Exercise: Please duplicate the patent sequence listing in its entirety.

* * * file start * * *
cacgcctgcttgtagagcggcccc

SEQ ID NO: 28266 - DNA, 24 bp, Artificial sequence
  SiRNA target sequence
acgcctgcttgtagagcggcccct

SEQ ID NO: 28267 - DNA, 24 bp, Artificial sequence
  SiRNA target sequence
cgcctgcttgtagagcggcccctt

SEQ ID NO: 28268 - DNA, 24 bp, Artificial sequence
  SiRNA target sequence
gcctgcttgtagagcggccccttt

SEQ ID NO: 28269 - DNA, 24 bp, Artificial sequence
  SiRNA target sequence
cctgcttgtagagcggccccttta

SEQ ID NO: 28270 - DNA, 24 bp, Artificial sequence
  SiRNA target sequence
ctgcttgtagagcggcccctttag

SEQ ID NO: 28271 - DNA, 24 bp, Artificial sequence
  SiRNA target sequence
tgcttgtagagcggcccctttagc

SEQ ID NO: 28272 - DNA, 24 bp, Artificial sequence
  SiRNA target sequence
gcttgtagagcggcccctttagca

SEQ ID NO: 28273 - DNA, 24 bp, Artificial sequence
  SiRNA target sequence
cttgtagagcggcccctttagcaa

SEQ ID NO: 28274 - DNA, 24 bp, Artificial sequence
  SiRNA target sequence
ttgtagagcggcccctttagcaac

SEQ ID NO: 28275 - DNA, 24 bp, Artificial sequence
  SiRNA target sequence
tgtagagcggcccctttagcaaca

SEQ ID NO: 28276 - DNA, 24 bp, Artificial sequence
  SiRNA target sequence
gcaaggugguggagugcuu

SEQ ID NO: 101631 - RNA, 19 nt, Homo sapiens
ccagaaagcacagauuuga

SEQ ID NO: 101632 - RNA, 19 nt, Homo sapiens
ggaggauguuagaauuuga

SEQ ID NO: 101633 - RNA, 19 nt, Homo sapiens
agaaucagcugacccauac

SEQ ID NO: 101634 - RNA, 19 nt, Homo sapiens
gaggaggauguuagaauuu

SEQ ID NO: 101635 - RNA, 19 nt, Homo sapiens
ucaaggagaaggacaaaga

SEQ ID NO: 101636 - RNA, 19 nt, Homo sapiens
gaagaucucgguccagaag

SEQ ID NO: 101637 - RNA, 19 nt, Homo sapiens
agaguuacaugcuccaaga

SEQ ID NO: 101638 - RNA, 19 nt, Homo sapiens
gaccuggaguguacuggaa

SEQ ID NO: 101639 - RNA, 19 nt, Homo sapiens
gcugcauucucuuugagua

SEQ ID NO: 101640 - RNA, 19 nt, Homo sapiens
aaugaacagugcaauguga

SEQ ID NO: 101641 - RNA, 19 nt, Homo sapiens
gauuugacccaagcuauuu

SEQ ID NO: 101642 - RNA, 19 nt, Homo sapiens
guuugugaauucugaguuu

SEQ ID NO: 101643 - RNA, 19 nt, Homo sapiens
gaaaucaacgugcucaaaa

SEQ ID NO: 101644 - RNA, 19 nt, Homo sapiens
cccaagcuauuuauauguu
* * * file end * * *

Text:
cacgcctgcttgtagagcggcccc

SEQ ID NO: 28266 - DNA, 24 bp, Artificial sequence
  SiRNA target sequence
acgcctgcttgtagagcggcccct

SEQ ID NO: 28267 - DNA, 24 bp, Artificial sequence
  SiRNA target sequence
cgcctgcttgtagagcggcccctt

SEQ ID NO: 28268 - DNA, 24 bp, Artificial sequence
  SiRNA target sequence
gcctgcttgtagagcggccccttt

SEQ ID NO: 28269 - DNA, 24 bp, Artificial sequence
  SiRNA target sequence
cctgcttgtagagcggccccttta

SEQ ID NO: 28270 - DNA, 24 bp, Artificial sequence
  SiRNA target sequence
ctgcttgtagagcggcccctttag

SEQ ID NO: 28271 - DNA, 24 bp, Artificial sequence
  SiRNA target sequence
tgcttgtagagcggcccctttagc

SEQ ID NO: 28272 - DNA, 24 bp, Artificial sequence
  SiRNA target sequence
gcttgtagagcggcccctttagca

SEQ ID NO: 28273 - DNA, 24 bp, Artificial sequence
  SiRNA target sequence
cttgtagagcggcccctttagcaa

SEQ ID NO: 28274 - DNA, 24 bp, Artificial sequence
  SiRNA target sequence
ttgtagagcggcccctttagcaac

SEQ ID NO: 28275 - DNA, 24 bp, Artificial sequence
  SiRNA target sequence
tgtagagcggcccctttagcaaca

SEQ ID NO: 28276 - DNA, 24 bp, Artificial sequence
  SiRNA target sequence
gcaaggugguggagugcuu

SEQ ID NO: 101631 - RNA, 19 nt, Homo sapiens
ccagaaagcacagauuuga

SEQ ID NO: 101632 - RNA, 19 nt, Homo sapiens
ggaggauguuagaauuuga

SEQ ID NO: 101633 - RNA, 19 nt, Homo sapiens
agaaucagcugacccauac

SEQ ID NO: 101634 - RNA, 19 nt, Homo sapiens
gaggaggauguuagaauuu

SEQ ID NO: 101635 - RNA, 19 nt, Homo sapiens
ucaaggagaaggacaaaga

SEQ ID NO: 101636 - RNA, 19 nt, Homo sapiens
gaagaucucgguccagaag

SEQ ID NO: 101637 - RNA, 19 nt, Homo sapiens
agaguuacaugcuccaaga

SEQ ID NO: 101638 - RNA, 19 nt, Homo sapiens
gaccuggaguguacuggaa

SEQ ID NO: 101639 - RNA, 19 nt, Homo sapiens
gcugcauucucuuugagua

SEQ ID NO: 101640 - RNA, 19 nt, Homo sapiens
aaugaacagugcaauguga

SEQ ID NO: 101641 - RNA, 19 nt, Homo sapiens
gauuugacccaagcuauuu

SEQ ID NO: 101642 - RNA, 19 nt, Homo sapiens
guuugugaauucugaguuu

SEQ ID NO: 101643 - RNA, 19 nt, Homo sapiens
gaaaucaacgugcucaaaa

SEQ ID NO: 101644 - RNA, 19 nt, Homo sapiens
cccaagcuauuuauauguu